VANCOUVER (FRONTLINE MEDICAL NEWS) – Endometriosis, while generally considered a premenopausal condition, can also occur in women following surgical or natural menopause, and can undergo malignant transformation, although this risk is likely very small.

That was the main message from a new meta-analysis presented at the World Congress on Endometriosis. “We wanted to synthesize the case reports out there to show some common factors so physicians can be aware of them,” said Laura Gemmell, a second-year medical student at Case Western Reserve University, Cleveland, who presented the research.

While surgical or natural menopause can resolve endometriosis symptoms, it can bring its own problems, such as hot flashes and mood symptoms. These can be particularly severe in patients who undergo surgical menopause as a treatment for endometriosis. Hormone therapy (HT) may improve quality of life and reduce the risk of osteoporosis, but HT runs the risk of reactivating endometriosis foci and malignant transformation of the endometriosis, Ms. Gemmell said.

The researchers surveyed the literature for studies in postmenopausal women with a confirmed or clinically suspected history of endometriosis, and who discussed the management of their menopausal symptoms. They included 33 case reports and case series (42 patients, 36 surgical menopause, 4 natural, 2 presumed natural with later oophorectomy), as well as 6 observational studies and clinical trials.

In the case reports, patients were on HT for a mean of 7.8 years, and 17 of 42 women experienced a recurrence of endometriosis. Also, 25 women had a malignant transformation and there was some overlap with the recurrence group.

Among 17 patients with recurrence, 6 had “severe” or “extensive” endometriosis, and 14 had surgical menopause, with a mean of 7.1 years between surgical menopause and presentation. Twelve of 17 received unopposed estrogen. Following surgical excision (16 of 17 cases), 10 had symptom regression without relapses.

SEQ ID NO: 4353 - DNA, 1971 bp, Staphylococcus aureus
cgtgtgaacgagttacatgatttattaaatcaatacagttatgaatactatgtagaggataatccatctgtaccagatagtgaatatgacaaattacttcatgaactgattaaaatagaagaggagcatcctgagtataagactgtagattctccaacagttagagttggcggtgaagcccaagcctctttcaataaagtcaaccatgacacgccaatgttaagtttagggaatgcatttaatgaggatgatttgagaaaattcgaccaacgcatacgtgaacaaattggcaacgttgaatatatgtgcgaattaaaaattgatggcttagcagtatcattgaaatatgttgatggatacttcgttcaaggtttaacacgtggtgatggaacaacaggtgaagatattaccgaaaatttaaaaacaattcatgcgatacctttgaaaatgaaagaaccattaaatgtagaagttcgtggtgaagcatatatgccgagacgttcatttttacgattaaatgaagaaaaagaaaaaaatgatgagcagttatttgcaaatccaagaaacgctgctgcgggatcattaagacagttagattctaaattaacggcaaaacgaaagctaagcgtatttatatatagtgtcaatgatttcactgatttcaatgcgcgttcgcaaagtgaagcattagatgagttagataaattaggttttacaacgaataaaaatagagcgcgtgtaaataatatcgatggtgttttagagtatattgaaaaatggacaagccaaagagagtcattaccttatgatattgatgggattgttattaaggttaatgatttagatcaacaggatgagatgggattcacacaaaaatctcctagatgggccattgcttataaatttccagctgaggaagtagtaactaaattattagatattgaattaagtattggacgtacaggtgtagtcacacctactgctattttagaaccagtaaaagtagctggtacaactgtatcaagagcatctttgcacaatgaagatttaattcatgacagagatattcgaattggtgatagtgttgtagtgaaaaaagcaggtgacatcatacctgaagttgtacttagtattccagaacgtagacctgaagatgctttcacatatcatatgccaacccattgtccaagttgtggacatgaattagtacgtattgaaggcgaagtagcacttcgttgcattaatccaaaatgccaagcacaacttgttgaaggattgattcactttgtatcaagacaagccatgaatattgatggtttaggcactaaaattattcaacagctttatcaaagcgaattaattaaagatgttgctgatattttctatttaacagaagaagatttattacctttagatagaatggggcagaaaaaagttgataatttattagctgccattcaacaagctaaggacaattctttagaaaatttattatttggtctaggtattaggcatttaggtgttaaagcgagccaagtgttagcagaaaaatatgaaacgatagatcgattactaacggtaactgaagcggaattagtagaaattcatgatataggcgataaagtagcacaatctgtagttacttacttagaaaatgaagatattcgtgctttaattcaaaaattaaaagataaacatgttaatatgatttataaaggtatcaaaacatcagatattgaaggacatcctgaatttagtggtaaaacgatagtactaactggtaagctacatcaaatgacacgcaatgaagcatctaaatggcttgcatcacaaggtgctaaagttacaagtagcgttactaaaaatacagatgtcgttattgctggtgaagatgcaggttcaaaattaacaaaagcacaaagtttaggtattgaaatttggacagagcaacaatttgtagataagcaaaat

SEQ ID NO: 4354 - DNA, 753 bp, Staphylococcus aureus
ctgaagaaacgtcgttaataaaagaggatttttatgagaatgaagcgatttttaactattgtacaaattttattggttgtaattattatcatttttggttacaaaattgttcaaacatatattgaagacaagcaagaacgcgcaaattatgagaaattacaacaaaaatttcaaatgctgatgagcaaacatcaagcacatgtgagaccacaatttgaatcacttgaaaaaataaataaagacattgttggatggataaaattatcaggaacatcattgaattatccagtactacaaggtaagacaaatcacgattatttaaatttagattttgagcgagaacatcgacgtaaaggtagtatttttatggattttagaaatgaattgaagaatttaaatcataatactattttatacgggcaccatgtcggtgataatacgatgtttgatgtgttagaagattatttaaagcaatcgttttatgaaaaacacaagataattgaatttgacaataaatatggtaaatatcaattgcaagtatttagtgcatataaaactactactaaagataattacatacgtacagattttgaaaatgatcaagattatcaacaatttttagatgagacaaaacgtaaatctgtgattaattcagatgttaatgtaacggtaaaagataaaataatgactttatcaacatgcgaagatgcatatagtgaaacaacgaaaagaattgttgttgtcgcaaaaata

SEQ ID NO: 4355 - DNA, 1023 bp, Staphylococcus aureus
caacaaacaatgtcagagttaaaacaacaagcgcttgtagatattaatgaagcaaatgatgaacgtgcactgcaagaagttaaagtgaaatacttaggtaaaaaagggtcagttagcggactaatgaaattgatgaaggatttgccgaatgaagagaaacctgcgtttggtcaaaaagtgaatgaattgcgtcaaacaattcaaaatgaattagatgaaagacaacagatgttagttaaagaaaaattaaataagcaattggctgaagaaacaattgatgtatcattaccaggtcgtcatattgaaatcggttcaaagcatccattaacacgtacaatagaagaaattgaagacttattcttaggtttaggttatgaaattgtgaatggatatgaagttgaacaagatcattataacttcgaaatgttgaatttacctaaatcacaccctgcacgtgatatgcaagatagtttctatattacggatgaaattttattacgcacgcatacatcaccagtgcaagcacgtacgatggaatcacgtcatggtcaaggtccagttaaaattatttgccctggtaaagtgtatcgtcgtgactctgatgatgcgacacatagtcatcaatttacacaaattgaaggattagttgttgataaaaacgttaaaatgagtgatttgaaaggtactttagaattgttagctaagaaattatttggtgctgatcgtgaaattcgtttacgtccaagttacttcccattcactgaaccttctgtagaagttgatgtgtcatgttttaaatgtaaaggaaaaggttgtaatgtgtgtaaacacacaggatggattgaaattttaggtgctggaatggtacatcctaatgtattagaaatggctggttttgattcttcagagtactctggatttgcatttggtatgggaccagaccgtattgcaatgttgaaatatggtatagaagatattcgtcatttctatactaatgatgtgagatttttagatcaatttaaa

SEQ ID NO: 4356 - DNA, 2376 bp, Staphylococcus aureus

When the researchers looked at the 25 cases of malignant transformation, they found that 13 women had endometriosis at more than one site, 22 had undergone surgical menopause, 19 were on unopposed estrogen, and the mean duration of HT was 6.7 years. Seven women presented with vaginal bleeding and nine with masses. Three died from the disease. These three women had severe endometriosis complicating factors, including older age and multiple malignancies.

The analysis also included six observational studies and clinical trials that explored recurrence of endometriosis, and whether HT should be given to women with a history of endometriosis, whether it should be given immediately after surgical menopause, and the most appropriate menopause treatments.

Predictably, the evidence could not be summed up neatly, but Ms. Gemmell emphasized the need to individually weigh the risks and benefits of HT in each patient, with consideration of characteristics such as age, previous disease severity, family history, comorbidities, and body mass index.

She also suggested that patients should be active participants in decision making.

Finally, if the decision is to go forward or continue with HT, she suggested that clinicians consider a combined treatment rather than estrogen-only, though she pointed out the increased risk for breast cancer that this presents.

Tommaso Falcone, MD , chairman of obstetrics and gynecology at the Cleveland Clinic, sounded a note of caution about the use of progestins during the question-and-answer session. “The data are not strong that it actually prevents the development of cancer in the residual disease, if there is any. Even if you take the hypothesis that progestins are going to prevent cancer of residual disease, which is a low-level risk, the main worry that women have is breast cancer, and progestin is strongly associated with breast cancer,” Dr. Falcone said in an interview.

Ms. Gemmell and Dr. Falcone reported having no financial disclosures.